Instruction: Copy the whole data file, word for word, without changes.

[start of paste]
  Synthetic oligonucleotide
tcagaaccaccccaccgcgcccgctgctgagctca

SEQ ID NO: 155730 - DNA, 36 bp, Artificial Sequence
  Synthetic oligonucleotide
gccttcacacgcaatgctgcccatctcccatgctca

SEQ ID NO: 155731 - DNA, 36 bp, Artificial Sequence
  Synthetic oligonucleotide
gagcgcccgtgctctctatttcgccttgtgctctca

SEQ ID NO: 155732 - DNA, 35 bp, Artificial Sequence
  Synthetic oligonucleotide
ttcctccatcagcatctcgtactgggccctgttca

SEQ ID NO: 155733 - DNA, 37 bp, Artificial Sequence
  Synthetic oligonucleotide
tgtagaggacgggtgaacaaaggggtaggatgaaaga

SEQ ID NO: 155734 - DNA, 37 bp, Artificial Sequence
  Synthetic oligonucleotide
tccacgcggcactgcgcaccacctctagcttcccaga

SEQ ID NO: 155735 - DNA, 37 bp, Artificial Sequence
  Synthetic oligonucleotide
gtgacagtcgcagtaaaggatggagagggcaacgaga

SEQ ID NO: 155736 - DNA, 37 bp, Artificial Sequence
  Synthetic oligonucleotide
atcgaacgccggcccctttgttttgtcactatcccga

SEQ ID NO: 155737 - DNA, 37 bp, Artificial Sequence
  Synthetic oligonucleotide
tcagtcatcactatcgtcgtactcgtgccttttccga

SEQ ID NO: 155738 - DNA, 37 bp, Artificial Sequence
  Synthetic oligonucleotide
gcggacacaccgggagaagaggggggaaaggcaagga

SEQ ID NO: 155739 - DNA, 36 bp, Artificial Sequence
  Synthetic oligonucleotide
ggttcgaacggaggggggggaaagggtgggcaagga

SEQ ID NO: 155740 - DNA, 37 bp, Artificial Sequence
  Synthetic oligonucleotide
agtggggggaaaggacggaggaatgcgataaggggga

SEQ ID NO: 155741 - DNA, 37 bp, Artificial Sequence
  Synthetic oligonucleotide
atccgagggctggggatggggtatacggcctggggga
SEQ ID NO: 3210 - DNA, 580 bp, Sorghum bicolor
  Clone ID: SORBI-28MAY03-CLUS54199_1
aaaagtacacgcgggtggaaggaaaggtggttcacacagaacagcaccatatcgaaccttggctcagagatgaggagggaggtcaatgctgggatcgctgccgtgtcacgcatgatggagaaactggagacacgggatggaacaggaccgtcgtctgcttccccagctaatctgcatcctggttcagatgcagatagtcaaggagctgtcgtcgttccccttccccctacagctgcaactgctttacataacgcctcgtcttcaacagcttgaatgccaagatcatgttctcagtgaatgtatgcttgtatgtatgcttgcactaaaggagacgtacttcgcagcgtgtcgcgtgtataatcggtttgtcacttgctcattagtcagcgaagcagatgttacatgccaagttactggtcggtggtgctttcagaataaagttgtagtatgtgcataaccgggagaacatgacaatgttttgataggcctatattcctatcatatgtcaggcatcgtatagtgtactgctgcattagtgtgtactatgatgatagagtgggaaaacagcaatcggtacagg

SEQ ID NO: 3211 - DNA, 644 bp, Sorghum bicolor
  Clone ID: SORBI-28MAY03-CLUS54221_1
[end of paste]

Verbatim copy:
  Synthetic oligonucleotide
tcagaaccaccccaccgcgcccgctgctgagctca

SEQ ID NO: 155730 - DNA, 36 bp, Artificial Sequence
  Synthetic oligonucleotide
gccttcacacgcaatgctgcccatctcccatgctca

SEQ ID NO: 155731 - DNA, 36 bp, Artificial Sequence
  Synthetic oligonucleotide
gagcgcccgtgctctctatttcgccttgtgctctca

SEQ ID NO: 155732 - DNA, 35 bp, Artificial Sequence
  Synthetic oligonucleotide
ttcctccatcagcatctcgtactgggccctgttca

SEQ ID NO: 155733 - DNA, 37 bp, Artificial Sequence
  Synthetic oligonucleotide
tgtagaggacgggtgaacaaaggggtaggatgaaaga

SEQ ID NO: 155734 - DNA, 37 bp, Artificial Sequence
  Synthetic oligonucleotide
tccacgcggcactgcgcaccacctctagcttcccaga

SEQ ID NO: 155735 - DNA, 37 bp, Artificial Sequence
  Synthetic oligonucleotide
gtgacagtcgcagtaaaggatggagagggcaacgaga

SEQ ID NO: 155736 - DNA, 37 bp, Artificial Sequence
  Synthetic oligonucleotide
atcgaacgccggcccctttgttttgtcactatcccga

SEQ ID NO: 155737 - DNA, 37 bp, Artificial Sequence
  Synthetic oligonucleotide
tcagtcatcactatcgtcgtactcgtgccttttccga

SEQ ID NO: 155738 - DNA, 37 bp, Artificial Sequence
  Synthetic oligonucleotide
gcggacacaccgggagaagaggggggaaaggcaagga

SEQ ID NO: 155739 - DNA, 36 bp, Artificial Sequence
  Synthetic oligonucleotide
ggttcgaacggaggggggggaaagggtgggcaagga

SEQ ID NO: 155740 - DNA, 37 bp, Artificial Sequence
  Synthetic oligonucleotide
agtggggggaaaggacggaggaatgcgataaggggga

SEQ ID NO: 155741 - DNA, 37 bp, Artificial Sequence
  Synthetic oligonucleotide
atccgagggctggggatggggtatacggcctggggga
SEQ ID NO: 3210 - DNA, 580 bp, Sorghum bicolor
  Clone ID: SORBI-28MAY03-CLUS54199_1
aaaagtacacgcgggtggaaggaaaggtggttcacacagaacagcaccatatcgaaccttggctcagagatgaggagggaggtcaatgctgggatcgctgccgtgtcacgcatgatggagaaactggagacacgggatggaacaggaccgtcgtctgcttccccagctaatctgcatcctggttcagatgcagatagtcaaggagctgtcgtcgttccccttccccctacagctgcaactgctttacataacgcctcgtcttcaacagcttgaatgccaagatcatgttctcagtgaatgtatgcttgtatgtatgcttgcactaaaggagacgtacttcgcagcgtgtcgcgtgtataatcggtttgtcacttgctcattagtcagcgaagcagatgttacatgccaagttactggtcggtggtgctttcagaataaagttgtagtatgtgcataaccgggagaacatgacaatgttttgataggcctatattcctatcatatgtcaggcatcgtatagtgtactgctgcattagtgtgtactatgatgatagagtgggaaaacagcaatcggtacagg

SEQ ID NO: 3211 - DNA, 644 bp, Sorghum bicolor
  Clone ID: SORBI-28MAY03-CLUS54221_1